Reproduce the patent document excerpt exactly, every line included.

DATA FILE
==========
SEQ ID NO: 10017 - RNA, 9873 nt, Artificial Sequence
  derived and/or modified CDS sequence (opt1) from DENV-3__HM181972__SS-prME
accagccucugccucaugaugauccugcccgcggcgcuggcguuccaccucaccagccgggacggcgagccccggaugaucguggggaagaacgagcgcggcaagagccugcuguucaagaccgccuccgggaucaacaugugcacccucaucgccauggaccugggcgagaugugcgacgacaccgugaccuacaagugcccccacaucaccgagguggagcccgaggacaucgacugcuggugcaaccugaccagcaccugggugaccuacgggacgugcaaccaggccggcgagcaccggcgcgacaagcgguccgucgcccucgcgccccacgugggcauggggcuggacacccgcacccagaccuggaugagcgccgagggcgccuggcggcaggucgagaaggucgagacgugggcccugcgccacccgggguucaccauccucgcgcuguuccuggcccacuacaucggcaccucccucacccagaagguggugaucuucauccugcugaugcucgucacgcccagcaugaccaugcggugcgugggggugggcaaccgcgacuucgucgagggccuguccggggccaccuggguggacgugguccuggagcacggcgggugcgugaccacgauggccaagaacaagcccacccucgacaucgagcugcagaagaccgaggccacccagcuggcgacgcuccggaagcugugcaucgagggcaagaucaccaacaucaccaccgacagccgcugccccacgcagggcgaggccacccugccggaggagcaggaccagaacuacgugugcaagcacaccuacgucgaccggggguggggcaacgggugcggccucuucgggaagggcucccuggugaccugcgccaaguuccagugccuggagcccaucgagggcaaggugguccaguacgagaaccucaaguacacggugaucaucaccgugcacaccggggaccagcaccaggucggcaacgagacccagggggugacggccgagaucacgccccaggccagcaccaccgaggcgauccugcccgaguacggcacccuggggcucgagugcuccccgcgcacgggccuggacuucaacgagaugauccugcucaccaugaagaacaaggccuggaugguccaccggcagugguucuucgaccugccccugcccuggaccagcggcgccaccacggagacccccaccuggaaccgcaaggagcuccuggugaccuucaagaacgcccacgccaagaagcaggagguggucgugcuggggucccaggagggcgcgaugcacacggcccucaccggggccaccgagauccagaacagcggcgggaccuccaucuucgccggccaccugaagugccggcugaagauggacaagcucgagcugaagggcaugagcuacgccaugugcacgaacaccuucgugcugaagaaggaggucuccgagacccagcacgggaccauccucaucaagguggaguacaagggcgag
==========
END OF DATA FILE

SEQ ID NO: 10017 - RNA, 9873 nt, Artificial Sequence
  derived and/or modified CDS sequence (opt1) from DENV-3__HM181972__SS-prME
accagccucugccucaugaugauccugcccgcggcgcuggcguuccaccucaccagccgggacggcgagccccggaugaucguggggaagaacgagcgcggcaagagccugcuguucaagaccgccuccgggaucaacaugugcacccucaucgccauggaccugggcgagaugugcgacgacaccgugaccuacaagugcccccacaucaccgagguggagcccgaggacaucgacugcuggugcaaccugaccagcaccugggugaccuacgggacgugcaaccaggccggcgagcaccggcgcgacaagcgguccgucgcccucgcgccccacgugggcauggggcuggacacccgcacccagaccuggaugagcgccgagggcgccuggcggcaggucgagaaggucgagacgugggcccugcgccacccgggguucaccauccucgcgcuguuccuggcccacuacaucggcaccucccucacccagaagguggugaucuucauccugcugaugcucgucacgcccagcaugaccaugcggugcgugggggugggcaaccgcgacuucgucgagggccuguccggggccaccuggguggacgugguccuggagcacggcgggugcgugaccacgauggccaagaacaagcccacccucgacaucgagcugcagaagaccgaggccacccagcuggcgacgcuccggaagcugugcaucgagggcaagaucaccaacaucaccaccgacagccgcugccccacgcagggcgaggccacccugccggaggagcaggaccagaacuacgugugcaagcacaccuacgucgaccggggguggggcaacgggugcggccucuucgggaagggcucccuggugaccugcgccaaguuccagugccuggagcccaucgagggcaaggugguccaguacgagaaccucaaguacacggugaucaucaccgugcacaccggggaccagcaccaggucggcaacgagacccagggggugacggccgagaucacgccccaggccagcaccaccgaggcgauccugcccgaguacggcacccuggggcucgagugcuccccgcgcacgggccuggacuucaacgagaugauccugcucaccaugaagaacaaggccuggaugguccaccggcagugguucuucgaccugccccugcccuggaccagcggcgccaccacggagacccccaccuggaaccgcaaggagcuccuggugaccuucaagaacgcccacgccaagaagcaggagguggucgugcuggggucccaggagggcgcgaugcacacggcccucaccggggccaccgagauccagaacagcggcgggaccuccaucuucgccggccaccugaagugccggcugaagauggacaagcucgagcugaagggcaugagcuacgccaugugcacgaacaccuucgugcugaagaaggaggucuccgagacccagcacgggaccauccucaucaagguggaguacaagggcgag